And what a beautiful place it is. We loved walking through the park’s many gardens, stopping every now and then to admire the pond, read the signs, enjoy the statues, and of course, visit the Parthenon. Still featuring fine art—and a ginormously tall Athena statue!—this museum (maintained by the Nashville Parks & Recreation) is fantastic. As in, WOW!

Noshing local

All our appreciation for beautiful music, “modern” replicas and unique museums helped us work up an appetite for yet another art: culinary. Time to showcase a few of Nashville’s foodie hits.

While fried chicken is a well known southern treat, “hot chicken” was a new term for me. But Hattie B’s Hot Chicken brought me up to speed instantly. Talk about delicious! Soooooo moist and flavorful, from the perfectly breaded crust to the very last juicy cayenne peppered bite. Every piece of chicken was this way!

The side dishes too were amazing. Excellent quality and flavor. We visited two different Hattie B’s, both wonderful, and each featuring a unique set of local microbrews—a little something special to help wash down the heat…

Local and sustainable. That’s what our daughter was looking for in a sit down restaurant. Her find? Farm House. Just a five-minute walk from our hotel, this eatery was packed with patrons (on a Monday night…?…thank goodness for reservations). Together we shared an unpretentious atmosphere that featured excellent food and service. What more could we ask for? Well, maybe some candy…

Savannah’s Candy Kitchen was the perfect place to find souvenirs, as well as something sweet to enjoy on the spot. Not much beats the amazing aroma of confections in progress; Savannah’s creative staff was hard at work assembling lots of sweet praline, decorative caramel apples and chocolatey nut clusters.

Back to the music; just so you know we didn’t enjoy tunes only from the sidewalks. We stepped into a bar called Crazy Town for a shot of bourbon and to hear—and see—the live band performing just near the entrance. The musicians put their hearts into each and every song, here and in every other bar we passed by on our way back to the hotel. It really was a nice way to end our stay.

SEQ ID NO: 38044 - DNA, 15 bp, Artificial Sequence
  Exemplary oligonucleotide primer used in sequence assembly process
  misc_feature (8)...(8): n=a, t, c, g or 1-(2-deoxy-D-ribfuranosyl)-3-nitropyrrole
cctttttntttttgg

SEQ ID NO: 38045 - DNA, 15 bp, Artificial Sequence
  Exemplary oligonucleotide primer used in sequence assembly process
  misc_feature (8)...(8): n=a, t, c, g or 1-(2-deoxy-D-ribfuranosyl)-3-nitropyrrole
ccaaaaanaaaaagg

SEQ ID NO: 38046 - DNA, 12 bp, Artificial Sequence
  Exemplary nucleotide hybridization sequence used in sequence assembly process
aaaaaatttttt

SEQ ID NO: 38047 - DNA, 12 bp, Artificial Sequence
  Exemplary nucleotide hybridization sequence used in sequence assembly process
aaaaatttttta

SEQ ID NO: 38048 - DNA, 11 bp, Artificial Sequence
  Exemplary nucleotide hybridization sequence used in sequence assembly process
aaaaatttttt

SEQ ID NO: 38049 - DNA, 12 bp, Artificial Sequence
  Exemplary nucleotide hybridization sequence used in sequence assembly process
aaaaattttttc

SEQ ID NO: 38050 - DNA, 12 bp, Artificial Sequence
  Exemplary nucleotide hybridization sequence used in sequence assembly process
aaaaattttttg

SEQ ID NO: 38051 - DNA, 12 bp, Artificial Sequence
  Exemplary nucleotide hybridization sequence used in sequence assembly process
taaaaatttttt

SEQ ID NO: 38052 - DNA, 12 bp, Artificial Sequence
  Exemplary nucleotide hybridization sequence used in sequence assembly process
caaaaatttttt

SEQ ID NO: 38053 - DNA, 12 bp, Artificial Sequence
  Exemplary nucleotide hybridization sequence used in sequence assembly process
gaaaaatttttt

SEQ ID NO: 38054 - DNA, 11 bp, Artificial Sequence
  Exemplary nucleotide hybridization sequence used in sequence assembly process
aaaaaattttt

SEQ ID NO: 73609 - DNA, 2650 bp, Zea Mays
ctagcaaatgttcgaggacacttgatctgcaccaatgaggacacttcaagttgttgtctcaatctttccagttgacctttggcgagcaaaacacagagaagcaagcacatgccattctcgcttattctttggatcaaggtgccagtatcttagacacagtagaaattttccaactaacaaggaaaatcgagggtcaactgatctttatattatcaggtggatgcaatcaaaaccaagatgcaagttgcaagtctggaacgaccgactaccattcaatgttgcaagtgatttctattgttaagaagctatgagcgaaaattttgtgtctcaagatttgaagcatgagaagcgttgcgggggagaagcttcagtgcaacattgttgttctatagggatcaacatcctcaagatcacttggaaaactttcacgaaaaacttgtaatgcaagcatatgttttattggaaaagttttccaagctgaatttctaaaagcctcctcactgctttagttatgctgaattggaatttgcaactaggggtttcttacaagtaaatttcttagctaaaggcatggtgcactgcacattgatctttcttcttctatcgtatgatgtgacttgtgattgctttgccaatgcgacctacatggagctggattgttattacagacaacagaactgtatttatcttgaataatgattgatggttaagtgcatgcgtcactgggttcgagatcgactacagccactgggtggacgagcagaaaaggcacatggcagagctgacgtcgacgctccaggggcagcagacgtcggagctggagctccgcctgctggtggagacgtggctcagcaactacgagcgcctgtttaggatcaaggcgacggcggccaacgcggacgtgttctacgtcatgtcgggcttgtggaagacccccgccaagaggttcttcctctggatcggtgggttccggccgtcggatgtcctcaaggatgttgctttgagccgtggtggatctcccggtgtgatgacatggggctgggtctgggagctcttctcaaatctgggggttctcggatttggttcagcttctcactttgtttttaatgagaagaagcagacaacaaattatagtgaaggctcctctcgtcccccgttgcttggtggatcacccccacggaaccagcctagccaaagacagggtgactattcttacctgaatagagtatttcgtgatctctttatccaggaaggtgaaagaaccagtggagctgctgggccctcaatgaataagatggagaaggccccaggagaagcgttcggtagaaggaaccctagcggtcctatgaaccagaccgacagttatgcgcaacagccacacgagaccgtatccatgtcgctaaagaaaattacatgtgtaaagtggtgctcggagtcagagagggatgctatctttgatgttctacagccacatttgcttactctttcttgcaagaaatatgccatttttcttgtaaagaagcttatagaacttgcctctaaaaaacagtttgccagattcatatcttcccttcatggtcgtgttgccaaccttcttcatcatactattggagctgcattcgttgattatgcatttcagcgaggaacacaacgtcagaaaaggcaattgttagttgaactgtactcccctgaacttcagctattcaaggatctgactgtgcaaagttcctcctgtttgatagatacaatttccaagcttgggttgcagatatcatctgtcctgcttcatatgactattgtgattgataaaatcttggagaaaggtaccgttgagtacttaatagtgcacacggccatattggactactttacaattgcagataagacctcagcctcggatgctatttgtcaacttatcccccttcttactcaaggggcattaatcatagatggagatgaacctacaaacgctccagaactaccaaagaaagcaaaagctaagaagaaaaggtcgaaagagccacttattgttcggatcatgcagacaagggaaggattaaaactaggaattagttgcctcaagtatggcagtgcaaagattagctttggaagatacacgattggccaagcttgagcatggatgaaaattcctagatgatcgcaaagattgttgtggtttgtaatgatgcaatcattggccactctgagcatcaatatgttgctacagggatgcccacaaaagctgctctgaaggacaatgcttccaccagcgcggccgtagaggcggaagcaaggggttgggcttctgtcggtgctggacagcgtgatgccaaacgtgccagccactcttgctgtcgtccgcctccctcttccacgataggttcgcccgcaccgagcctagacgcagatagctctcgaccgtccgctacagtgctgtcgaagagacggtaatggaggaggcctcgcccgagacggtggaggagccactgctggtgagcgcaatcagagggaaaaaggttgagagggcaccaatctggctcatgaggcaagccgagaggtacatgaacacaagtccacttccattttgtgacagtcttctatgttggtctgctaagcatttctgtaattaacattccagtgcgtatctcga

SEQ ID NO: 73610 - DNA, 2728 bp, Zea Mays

If ever you find yourself looking for a melodic artsy foodie town that knows how to celebrate each moment of the day, I suggest paying Nashville a visit. Chances are you’ll leave with a whole new appreciation for all things art and soul. J 🎶

 

Our Amsterdam moments

Cycles, canals, cheese, art and more! When one hears about a certain famous Dutch city, many things might come to mind. For our curious group—having never visited Amsterdam before—we were excited to explore a bit.

The planned main attraction for our day was the fantastic Van Gogh Museum, but our out-and-about discoveries were wonderful in their own right. Eager to see the famed artist’s work first however, we started there…

Spiraling up

The museum. Four of us, in search of our favorite paintings, headed eagerly toward the open-air stairway, winding our way up to the official first floor of the main building. Once there, we fell into the slow line of museum attendees, moving clockwise around the inner walls of the room.

Stopping long enough in front of each showcased canvas to admire and wonder, we encountered our first unexpected discovery: The Potato Eaters.

This darkly toned portrayal of a poor family sitting down to a meal of potatoes pulled from our group a collective reaction of a little sadness, mixed with a bit of sympathy, followed by our surprise reaction: hunger! Suddenly we were hungry for potatoes, and maybe some wine as well, to wash them all down…

As we made our way around floors 1, 2 and 3, I was impressed at being able to see his masterpieces—like his self portrait (the one featured on the museum’s pamphlet)—up close.

Our other Van Gogh group favorites leaned toward the flower category: Almond Blossoms, Sunflowers and Irises.

After completing our circle of the third floor, it was time to find our own travel sized replicas to take home. We headed to the gift shop on the main floor, and found several portable souvenirs.

The museum held one more fun surprise for us: a cafeteria—one of the best I’ve seen—displaying bags of potato chips, next to (of all things) a wine-by-the-glass dispenser! We gladly selected our treats and found a table. With our potato/wine craving satisfied—what are the odds?!—we made our way outside…

Floating down

The canals. Bordering streets, homes, businesses and parks, Amsterdam’s waterways are as much a traffic medium as its roadways for moving people around the town. Pre booked, we boarded our vessel for a mini canal cruise.